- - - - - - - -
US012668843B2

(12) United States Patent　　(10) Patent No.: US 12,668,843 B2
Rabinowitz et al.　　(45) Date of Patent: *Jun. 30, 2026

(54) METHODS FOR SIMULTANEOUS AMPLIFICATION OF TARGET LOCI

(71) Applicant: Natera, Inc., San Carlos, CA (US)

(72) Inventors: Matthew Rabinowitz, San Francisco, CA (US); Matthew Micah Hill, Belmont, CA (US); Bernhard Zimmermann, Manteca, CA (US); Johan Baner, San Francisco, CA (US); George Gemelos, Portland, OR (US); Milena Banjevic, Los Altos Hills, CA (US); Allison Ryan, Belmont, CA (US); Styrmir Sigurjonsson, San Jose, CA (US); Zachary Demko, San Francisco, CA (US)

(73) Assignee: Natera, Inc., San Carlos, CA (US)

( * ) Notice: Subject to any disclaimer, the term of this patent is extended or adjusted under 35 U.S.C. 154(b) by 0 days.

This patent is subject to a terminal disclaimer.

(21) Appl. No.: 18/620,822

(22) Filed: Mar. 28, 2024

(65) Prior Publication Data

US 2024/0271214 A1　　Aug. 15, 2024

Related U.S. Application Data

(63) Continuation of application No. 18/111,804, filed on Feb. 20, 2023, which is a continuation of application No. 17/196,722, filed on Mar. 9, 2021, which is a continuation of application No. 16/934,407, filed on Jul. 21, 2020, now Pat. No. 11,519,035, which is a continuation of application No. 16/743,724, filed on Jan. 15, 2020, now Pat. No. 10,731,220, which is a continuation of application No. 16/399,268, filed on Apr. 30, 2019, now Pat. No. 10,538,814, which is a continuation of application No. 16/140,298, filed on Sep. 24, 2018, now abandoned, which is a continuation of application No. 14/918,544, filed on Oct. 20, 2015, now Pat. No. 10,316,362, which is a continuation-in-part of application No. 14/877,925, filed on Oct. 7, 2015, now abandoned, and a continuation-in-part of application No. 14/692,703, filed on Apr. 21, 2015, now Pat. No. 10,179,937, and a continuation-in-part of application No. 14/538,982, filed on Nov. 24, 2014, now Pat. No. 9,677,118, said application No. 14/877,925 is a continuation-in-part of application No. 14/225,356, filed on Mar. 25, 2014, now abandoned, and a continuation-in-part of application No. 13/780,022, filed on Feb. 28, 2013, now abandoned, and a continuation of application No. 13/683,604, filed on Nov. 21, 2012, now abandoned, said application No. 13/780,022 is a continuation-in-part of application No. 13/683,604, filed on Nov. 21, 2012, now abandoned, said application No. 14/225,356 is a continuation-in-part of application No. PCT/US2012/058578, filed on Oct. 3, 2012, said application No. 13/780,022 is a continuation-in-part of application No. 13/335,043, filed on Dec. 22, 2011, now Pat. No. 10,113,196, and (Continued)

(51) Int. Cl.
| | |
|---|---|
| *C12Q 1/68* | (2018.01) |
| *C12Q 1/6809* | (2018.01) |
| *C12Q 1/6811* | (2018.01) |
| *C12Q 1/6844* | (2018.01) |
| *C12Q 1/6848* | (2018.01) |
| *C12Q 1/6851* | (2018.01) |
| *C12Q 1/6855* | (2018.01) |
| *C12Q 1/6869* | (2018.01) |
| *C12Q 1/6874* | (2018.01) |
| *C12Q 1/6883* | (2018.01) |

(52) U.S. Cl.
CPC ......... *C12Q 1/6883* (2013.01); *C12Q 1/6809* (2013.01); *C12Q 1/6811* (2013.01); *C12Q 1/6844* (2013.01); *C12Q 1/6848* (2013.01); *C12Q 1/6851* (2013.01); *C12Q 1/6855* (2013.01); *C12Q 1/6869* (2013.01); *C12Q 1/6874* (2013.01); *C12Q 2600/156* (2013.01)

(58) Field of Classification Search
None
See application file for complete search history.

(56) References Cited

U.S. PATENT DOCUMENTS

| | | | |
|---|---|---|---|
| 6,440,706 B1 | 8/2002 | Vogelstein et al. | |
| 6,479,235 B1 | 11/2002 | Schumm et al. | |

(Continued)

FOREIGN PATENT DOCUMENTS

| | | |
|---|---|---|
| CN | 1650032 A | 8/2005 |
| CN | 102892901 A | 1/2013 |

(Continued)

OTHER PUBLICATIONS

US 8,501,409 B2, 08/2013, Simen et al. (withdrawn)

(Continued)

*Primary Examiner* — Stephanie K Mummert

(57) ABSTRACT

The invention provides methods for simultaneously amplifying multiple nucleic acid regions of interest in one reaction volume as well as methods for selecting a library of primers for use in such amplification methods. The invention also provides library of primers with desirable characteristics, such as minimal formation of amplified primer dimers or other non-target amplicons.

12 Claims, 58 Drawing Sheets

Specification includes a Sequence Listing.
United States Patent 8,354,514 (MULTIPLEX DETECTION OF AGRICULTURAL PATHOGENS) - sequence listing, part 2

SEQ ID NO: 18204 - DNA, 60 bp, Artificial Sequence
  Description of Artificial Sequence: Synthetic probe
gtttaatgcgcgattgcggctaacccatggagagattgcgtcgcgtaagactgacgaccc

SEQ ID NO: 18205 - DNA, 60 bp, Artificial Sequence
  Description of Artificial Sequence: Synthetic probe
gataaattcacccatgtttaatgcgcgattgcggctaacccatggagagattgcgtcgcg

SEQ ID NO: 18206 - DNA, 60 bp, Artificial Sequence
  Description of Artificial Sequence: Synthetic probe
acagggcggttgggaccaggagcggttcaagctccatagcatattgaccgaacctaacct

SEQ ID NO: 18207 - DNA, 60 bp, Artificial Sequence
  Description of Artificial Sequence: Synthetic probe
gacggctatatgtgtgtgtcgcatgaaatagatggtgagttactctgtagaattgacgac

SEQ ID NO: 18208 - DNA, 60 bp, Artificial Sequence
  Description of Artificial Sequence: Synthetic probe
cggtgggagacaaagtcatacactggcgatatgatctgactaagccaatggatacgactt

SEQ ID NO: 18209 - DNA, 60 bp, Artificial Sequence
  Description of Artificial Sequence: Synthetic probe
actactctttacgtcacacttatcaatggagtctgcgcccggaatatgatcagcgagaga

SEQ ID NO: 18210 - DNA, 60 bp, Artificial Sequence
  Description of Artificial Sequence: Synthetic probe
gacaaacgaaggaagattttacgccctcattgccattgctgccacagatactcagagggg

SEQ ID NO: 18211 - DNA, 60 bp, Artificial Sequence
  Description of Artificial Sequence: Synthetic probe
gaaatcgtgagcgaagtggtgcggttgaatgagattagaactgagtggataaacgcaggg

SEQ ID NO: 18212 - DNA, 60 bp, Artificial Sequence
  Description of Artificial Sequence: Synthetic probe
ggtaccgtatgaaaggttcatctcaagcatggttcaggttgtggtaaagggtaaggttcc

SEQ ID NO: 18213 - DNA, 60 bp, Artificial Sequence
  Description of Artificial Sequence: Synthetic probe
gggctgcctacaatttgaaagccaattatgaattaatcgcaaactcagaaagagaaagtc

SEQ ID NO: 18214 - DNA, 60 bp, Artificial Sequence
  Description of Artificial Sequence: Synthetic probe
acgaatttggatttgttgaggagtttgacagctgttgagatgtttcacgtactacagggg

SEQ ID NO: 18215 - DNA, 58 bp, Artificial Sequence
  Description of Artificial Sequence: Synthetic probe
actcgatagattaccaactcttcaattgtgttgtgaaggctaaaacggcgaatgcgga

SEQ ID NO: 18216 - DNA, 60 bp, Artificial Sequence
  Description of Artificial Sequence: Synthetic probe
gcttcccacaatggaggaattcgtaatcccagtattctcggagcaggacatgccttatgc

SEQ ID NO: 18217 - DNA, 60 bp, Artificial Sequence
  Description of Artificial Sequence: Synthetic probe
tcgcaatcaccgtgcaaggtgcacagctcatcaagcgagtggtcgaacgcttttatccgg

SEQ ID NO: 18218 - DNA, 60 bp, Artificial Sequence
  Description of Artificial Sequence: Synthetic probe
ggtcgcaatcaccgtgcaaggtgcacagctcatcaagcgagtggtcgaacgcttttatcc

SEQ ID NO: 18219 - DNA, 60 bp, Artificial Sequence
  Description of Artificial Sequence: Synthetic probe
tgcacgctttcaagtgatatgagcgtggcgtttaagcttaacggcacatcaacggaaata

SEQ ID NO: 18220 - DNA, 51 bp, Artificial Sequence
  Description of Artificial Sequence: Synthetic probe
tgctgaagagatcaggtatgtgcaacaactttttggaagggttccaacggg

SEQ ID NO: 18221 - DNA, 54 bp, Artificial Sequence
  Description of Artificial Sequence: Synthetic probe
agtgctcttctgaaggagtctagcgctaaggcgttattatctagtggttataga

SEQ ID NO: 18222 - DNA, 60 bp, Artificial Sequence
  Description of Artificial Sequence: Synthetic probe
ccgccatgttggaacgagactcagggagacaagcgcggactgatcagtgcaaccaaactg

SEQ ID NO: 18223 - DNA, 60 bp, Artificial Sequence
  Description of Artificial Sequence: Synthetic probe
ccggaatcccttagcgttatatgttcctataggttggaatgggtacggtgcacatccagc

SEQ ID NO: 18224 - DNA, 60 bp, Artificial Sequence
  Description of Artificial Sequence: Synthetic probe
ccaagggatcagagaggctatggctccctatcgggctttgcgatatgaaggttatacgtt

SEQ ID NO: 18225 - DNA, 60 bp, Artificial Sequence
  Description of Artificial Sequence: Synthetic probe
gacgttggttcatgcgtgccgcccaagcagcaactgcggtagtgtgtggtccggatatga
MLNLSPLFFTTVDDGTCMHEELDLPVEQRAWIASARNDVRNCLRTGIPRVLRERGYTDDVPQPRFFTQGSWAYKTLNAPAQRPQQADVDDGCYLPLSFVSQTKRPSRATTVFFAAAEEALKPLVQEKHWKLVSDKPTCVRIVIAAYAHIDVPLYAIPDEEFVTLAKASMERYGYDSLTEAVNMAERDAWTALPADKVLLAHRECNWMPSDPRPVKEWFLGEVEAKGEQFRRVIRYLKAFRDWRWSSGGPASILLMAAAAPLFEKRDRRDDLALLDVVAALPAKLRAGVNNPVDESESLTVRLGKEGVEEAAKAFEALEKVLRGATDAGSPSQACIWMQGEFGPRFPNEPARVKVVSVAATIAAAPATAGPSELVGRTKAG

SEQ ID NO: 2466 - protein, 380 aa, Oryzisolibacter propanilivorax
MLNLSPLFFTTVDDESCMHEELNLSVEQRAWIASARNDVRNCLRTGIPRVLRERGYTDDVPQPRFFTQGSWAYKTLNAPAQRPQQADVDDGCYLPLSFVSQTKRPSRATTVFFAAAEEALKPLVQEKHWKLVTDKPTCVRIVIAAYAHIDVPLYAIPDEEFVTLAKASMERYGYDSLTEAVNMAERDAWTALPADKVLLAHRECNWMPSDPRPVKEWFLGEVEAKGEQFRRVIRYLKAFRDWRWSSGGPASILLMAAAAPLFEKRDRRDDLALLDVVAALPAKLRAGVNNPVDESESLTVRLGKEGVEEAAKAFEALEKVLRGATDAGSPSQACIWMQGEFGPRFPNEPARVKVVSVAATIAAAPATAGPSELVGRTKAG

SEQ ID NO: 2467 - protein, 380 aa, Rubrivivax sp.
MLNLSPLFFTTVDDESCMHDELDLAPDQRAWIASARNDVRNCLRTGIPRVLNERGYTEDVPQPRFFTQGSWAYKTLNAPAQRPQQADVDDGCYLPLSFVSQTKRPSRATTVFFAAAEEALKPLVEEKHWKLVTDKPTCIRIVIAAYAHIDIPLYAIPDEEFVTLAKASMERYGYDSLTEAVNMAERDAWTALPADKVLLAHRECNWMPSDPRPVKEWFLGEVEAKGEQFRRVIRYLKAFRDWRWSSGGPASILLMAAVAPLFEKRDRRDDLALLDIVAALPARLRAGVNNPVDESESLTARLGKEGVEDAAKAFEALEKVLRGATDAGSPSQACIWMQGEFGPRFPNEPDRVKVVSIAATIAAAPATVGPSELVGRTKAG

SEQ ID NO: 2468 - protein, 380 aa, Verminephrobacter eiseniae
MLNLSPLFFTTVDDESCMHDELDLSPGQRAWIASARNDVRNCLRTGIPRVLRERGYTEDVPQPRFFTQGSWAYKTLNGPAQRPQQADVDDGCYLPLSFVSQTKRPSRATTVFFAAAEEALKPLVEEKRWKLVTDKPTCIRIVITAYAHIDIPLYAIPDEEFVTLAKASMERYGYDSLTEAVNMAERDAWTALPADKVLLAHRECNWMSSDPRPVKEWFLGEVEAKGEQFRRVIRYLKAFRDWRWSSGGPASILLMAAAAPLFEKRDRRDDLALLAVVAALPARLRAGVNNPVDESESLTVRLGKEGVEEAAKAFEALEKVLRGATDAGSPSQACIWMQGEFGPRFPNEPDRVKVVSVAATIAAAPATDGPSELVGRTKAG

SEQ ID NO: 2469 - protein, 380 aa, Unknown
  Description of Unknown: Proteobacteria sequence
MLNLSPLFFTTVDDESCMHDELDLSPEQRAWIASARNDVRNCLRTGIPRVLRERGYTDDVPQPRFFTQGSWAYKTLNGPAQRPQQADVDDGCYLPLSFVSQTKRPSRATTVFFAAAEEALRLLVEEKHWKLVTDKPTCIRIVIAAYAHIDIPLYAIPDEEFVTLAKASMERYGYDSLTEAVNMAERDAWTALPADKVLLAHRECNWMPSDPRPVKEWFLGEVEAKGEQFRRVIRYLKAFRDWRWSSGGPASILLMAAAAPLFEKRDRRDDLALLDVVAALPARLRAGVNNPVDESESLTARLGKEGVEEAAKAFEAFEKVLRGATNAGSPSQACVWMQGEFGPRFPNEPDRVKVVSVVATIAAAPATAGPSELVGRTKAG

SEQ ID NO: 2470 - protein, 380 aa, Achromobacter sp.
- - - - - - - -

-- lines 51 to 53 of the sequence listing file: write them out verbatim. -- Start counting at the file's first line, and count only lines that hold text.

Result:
(57) ABSTRACT

The invention provides methods for simultaneously amplifying multiple nucleic acid regions of interest in one reaction volume as well as methods for selecting a library of primers for use in such amplification methods. The invention also provides library of primers with desirable characteristics, such as minimal formation of amplified primer dimers or other non-target amplicons.

12 Claims, 58 Drawing Sheets